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Commissioners require 'significant help' with mental health tariff

An HSJ article (1st December) emphasised the importance of the implementation of the new currencies around the 21 care clusters and highlighted concerns about the preparedness of many localities to do this efficiently from April 2012. This will be a concern for many EMMHCN members, hence our 22nd March 2012 conference will have PbR as a major theme.

Commissioners will struggle to implement an operating framework requirement to pay for mental health services under tariff without “significant help”, according to the NHS Confederation’s Mental Health Network.

The framework requires commissioners to use the recently developed payment by results currencies for adult mental health services.

But network director Steve Shrubb told HSJ further guidance was required on how the tariff should be implemented.

He said: “Commissioners need help, quite significant help. This is the introductory year for the currencies…which reflects an understanding that the system needs to be tested before it’s rolled out to other areas.”

A recent report by the network found trusts had made too little progress in costing “clusters” of service users, which will be used to set local prices from next April.

Commissioners will be expected to apply the same tariff cut of “at least 1.5 per cent” for their total spend with each mental health provider as they are applying to acute providers.

Due to historical differences in block contract values, this may mean a provider initially agrees different local prices with different commissioners, according to draft guidance released in October.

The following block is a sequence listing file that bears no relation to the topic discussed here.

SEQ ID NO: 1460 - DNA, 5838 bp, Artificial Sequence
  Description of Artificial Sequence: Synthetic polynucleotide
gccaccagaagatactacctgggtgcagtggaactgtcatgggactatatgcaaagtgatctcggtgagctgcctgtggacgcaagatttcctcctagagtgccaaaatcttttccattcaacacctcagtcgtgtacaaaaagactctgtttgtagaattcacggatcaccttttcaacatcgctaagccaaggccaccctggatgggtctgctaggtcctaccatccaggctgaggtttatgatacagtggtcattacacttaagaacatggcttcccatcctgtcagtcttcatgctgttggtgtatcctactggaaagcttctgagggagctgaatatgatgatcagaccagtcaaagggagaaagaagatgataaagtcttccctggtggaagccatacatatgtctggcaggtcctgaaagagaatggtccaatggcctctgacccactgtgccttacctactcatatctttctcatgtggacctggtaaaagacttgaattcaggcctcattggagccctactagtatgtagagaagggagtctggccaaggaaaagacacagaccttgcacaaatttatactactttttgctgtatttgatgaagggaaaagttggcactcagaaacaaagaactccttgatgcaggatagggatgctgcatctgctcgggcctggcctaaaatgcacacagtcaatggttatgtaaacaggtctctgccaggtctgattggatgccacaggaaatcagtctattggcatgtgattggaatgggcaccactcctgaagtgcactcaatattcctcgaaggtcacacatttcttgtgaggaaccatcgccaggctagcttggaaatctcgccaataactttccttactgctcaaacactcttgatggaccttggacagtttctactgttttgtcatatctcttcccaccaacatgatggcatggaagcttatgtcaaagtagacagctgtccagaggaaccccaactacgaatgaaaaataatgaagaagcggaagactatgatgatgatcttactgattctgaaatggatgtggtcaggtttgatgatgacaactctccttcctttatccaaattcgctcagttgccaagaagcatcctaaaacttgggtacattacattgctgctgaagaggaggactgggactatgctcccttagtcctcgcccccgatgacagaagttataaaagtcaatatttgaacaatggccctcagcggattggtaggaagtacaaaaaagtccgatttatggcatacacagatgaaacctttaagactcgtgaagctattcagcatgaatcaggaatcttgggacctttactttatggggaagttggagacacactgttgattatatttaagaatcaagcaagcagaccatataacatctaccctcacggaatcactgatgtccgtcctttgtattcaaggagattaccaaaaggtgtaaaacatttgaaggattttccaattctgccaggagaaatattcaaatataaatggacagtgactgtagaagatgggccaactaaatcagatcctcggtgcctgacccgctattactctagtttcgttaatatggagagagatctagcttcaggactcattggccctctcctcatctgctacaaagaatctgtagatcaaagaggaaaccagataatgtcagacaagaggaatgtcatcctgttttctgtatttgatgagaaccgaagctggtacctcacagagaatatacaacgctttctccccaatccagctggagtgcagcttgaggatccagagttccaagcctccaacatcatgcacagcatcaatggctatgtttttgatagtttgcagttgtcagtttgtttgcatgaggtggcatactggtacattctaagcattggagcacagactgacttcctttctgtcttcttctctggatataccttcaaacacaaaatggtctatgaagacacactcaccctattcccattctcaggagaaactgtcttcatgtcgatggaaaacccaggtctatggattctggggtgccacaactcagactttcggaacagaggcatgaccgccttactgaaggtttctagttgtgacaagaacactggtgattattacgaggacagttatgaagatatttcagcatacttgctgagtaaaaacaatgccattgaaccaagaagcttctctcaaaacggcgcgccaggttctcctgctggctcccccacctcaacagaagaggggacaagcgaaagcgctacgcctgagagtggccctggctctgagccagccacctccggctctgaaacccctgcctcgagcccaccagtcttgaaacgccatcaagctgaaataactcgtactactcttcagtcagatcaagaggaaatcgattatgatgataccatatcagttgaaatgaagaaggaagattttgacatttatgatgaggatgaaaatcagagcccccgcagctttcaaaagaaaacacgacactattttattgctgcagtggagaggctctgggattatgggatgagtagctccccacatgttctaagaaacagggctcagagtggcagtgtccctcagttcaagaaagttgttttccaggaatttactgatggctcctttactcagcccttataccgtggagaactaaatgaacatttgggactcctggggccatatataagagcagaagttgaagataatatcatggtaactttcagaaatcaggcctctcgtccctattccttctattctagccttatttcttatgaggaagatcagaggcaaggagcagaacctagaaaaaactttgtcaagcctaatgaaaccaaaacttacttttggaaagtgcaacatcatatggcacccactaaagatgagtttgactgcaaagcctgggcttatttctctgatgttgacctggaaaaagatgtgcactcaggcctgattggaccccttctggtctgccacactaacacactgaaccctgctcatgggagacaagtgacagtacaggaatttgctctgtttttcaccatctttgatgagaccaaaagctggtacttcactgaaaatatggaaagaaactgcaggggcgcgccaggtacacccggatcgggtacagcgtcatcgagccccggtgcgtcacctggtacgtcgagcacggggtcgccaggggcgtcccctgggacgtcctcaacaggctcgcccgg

But over 2012-13, providers are expected to work with commissioners to agree to a single local trust price for each “cluster” by 2013-14.

Mr Shrubb said data quality would need to be greatly improved for the policy to be successful.

Many mental health chief executives have called for the switch to PbR for years, in the belief this would provide better protection from budget cuts.

But Cumbria Partnership Foundation Trust chief executive Stephen Dalton said the tariff would not shield the sector as “the mindset that commissioners have got…[is] more important than the payment system”.

The “significant reductions” in social services investment would have a greater impact on mental health trusts, he added.

Work is ongoing regarding extending PbR to children and adolescents services, learning disabilities. forensic care and substance misuse.

In general, the operating framework was welcomed by the mental health community for its emphasis on carers, dementia and improving access to psychological therapies.